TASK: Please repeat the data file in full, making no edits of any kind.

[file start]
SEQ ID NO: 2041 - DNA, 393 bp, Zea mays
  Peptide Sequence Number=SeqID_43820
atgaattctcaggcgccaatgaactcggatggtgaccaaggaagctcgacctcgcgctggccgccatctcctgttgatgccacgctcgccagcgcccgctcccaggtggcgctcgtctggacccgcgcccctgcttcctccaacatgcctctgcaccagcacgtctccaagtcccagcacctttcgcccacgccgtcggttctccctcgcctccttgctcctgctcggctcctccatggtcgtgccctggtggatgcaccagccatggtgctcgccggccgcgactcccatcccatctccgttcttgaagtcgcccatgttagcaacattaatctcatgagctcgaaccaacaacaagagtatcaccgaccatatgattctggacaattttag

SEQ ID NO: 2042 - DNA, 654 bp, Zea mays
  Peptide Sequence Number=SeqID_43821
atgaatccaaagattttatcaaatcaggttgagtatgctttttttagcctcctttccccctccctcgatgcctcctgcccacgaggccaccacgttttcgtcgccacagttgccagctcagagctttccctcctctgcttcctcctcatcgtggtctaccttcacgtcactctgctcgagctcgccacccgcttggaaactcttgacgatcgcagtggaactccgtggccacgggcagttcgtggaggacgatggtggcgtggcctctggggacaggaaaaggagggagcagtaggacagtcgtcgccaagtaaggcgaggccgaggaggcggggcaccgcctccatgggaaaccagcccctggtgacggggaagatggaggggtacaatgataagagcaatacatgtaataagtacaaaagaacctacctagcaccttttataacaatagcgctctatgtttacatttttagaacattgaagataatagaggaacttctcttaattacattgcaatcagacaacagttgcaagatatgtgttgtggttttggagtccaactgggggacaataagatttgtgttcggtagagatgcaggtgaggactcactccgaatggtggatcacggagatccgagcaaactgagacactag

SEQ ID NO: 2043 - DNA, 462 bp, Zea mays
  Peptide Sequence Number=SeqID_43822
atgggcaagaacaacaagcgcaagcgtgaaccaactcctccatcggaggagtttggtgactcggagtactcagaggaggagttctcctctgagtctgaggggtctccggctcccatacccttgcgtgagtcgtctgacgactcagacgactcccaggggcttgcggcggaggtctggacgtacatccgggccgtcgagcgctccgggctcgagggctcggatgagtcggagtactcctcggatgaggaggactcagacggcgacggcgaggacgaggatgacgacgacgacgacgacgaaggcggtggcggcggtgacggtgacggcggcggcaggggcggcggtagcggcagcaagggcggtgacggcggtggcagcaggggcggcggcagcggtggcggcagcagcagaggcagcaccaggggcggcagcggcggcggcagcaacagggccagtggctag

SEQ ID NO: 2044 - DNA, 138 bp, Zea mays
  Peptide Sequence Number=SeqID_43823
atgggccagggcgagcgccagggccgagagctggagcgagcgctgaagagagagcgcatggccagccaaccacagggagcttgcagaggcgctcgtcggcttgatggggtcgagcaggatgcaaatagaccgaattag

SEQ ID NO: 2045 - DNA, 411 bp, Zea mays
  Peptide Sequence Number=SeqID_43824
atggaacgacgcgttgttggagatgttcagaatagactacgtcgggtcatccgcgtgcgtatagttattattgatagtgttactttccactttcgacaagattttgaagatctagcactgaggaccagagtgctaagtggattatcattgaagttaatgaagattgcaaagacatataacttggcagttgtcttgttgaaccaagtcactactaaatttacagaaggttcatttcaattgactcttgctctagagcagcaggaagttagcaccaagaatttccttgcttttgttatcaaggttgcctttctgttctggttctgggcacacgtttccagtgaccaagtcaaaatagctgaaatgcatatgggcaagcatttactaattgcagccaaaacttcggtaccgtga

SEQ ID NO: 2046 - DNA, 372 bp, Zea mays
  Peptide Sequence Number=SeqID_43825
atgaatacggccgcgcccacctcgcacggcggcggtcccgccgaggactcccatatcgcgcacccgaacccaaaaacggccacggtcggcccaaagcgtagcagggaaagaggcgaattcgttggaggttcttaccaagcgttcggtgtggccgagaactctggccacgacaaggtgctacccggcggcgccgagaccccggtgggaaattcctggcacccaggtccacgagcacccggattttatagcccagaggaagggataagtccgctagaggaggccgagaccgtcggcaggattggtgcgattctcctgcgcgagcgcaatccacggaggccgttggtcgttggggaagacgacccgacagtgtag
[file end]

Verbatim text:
SEQ ID NO: 2041 - DNA, 393 bp, Zea mays
  Peptide Sequence Number=SeqID_43820
atgaattctcaggcgccaatgaactcggatggtgaccaaggaagctcgacctcgcgctggccgccatctcctgttgatgccacgctcgccagcgcccgctcccaggtggcgctcgtctggacccgcgcccctgcttcctccaacatgcctctgcaccagcacgtctccaagtcccagcacctttcgcccacgccgtcggttctccctcgcctccttgctcctgctcggctcctccatggtcgtgccctggtggatgcaccagccatggtgctcgccggccgcgactcccatcccatctccgttcttgaagtcgcccatgttagcaacattaatctcatgagctcgaaccaacaacaagagtatcaccgaccatatgattctggacaattttag

SEQ ID NO: 2042 - DNA, 654 bp, Zea mays
  Peptide Sequence Number=SeqID_43821
atgaatccaaagattttatcaaatcaggttgagtatgctttttttagcctcctttccccctccctcgatgcctcctgcccacgaggccaccacgttttcgtcgccacagttgccagctcagagctttccctcctctgcttcctcctcatcgtggtctaccttcacgtcactctgctcgagctcgccacccgcttggaaactcttgacgatcgcagtggaactccgtggccacgggcagttcgtggaggacgatggtggcgtggcctctggggacaggaaaaggagggagcagtaggacagtcgtcgccaagtaaggcgaggccgaggaggcggggcaccgcctccatgggaaaccagcccctggtgacggggaagatggaggggtacaatgataagagcaatacatgtaataagtacaaaagaacctacctagcaccttttataacaatagcgctctatgtttacatttttagaacattgaagataatagaggaacttctcttaattacattgcaatcagacaacagttgcaagatatgtgttgtggttttggagtccaactgggggacaataagatttgtgttcggtagagatgcaggtgaggactcactccgaatggtggatcacggagatccgagcaaactgagacactag

SEQ ID NO: 2043 - DNA, 462 bp, Zea mays
  Peptide Sequence Number=SeqID_43822
atgggcaagaacaacaagcgcaagcgtgaaccaactcctccatcggaggagtttggtgactcggagtactcagaggaggagttctcctctgagtctgaggggtctccggctcccatacccttgcgtgagtcgtctgacgactcagacgactcccaggggcttgcggcggaggtctggacgtacatccgggccgtcgagcgctccgggctcgagggctcggatgagtcggagtactcctcggatgaggaggactcagacggcgacggcgaggacgaggatgacgacgacgacgacgacgaaggcggtggcggcggtgacggtgacggcggcggcaggggcggcggtagcggcagcaagggcggtgacggcggtggcagcaggggcggcggcagcggtggcggcagcagcagaggcagcaccaggggcggcagcggcggcggcagcaacagggccagtggctag

SEQ ID NO: 2044 - DNA, 138 bp, Zea mays
  Peptide Sequence Number=SeqID_43823
atgggccagggcgagcgccagggccgagagctggagcgagcgctgaagagagagcgcatggccagccaaccacagggagcttgcagaggcgctcgtcggcttgatggggtcgagcaggatgcaaatagaccgaattag

SEQ ID NO: 2045 - DNA, 411 bp, Zea mays
  Peptide Sequence Number=SeqID_43824
atggaacgacgcgttgttggagatgttcagaatagactacgtcgggtcatccgcgtgcgtatagttattattgatagtgttactttccactttcgacaagattttgaagatctagcactgaggaccagagtgctaagtggattatcattgaagttaatgaagattgcaaagacatataacttggcagttgtcttgttgaaccaagtcactactaaatttacagaaggttcatttcaattgactcttgctctagagcagcaggaagttagcaccaagaatttccttgcttttgttatcaaggttgcctttctgttctggttctgggcacacgtttccagtgaccaagtcaaaatagctgaaatgcatatgggcaagcatttactaattgcagccaaaacttcggtaccgtga

SEQ ID NO: 2046 - DNA, 372 bp, Zea mays
  Peptide Sequence Number=SeqID_43825
atgaatacggccgcgcccacctcgcacggcggcggtcccgccgaggactcccatatcgcgcacccgaacccaaaaacggccacggtcggcccaaagcgtagcagggaaagaggcgaattcgttggaggttcttaccaagcgttcggtgtggccgagaactctggccacgacaaggtgctacccggcggcgccgagaccccggtgggaaattcctggcacccaggtccacgagcacccggattttatagcccagaggaagggataagtccgctagaggaggccgagaccgtcggcaggattggtgcgattctcctgcgcgagcgcaatccacggaggccgttggtcgttggggaagacgacccgacagtgtag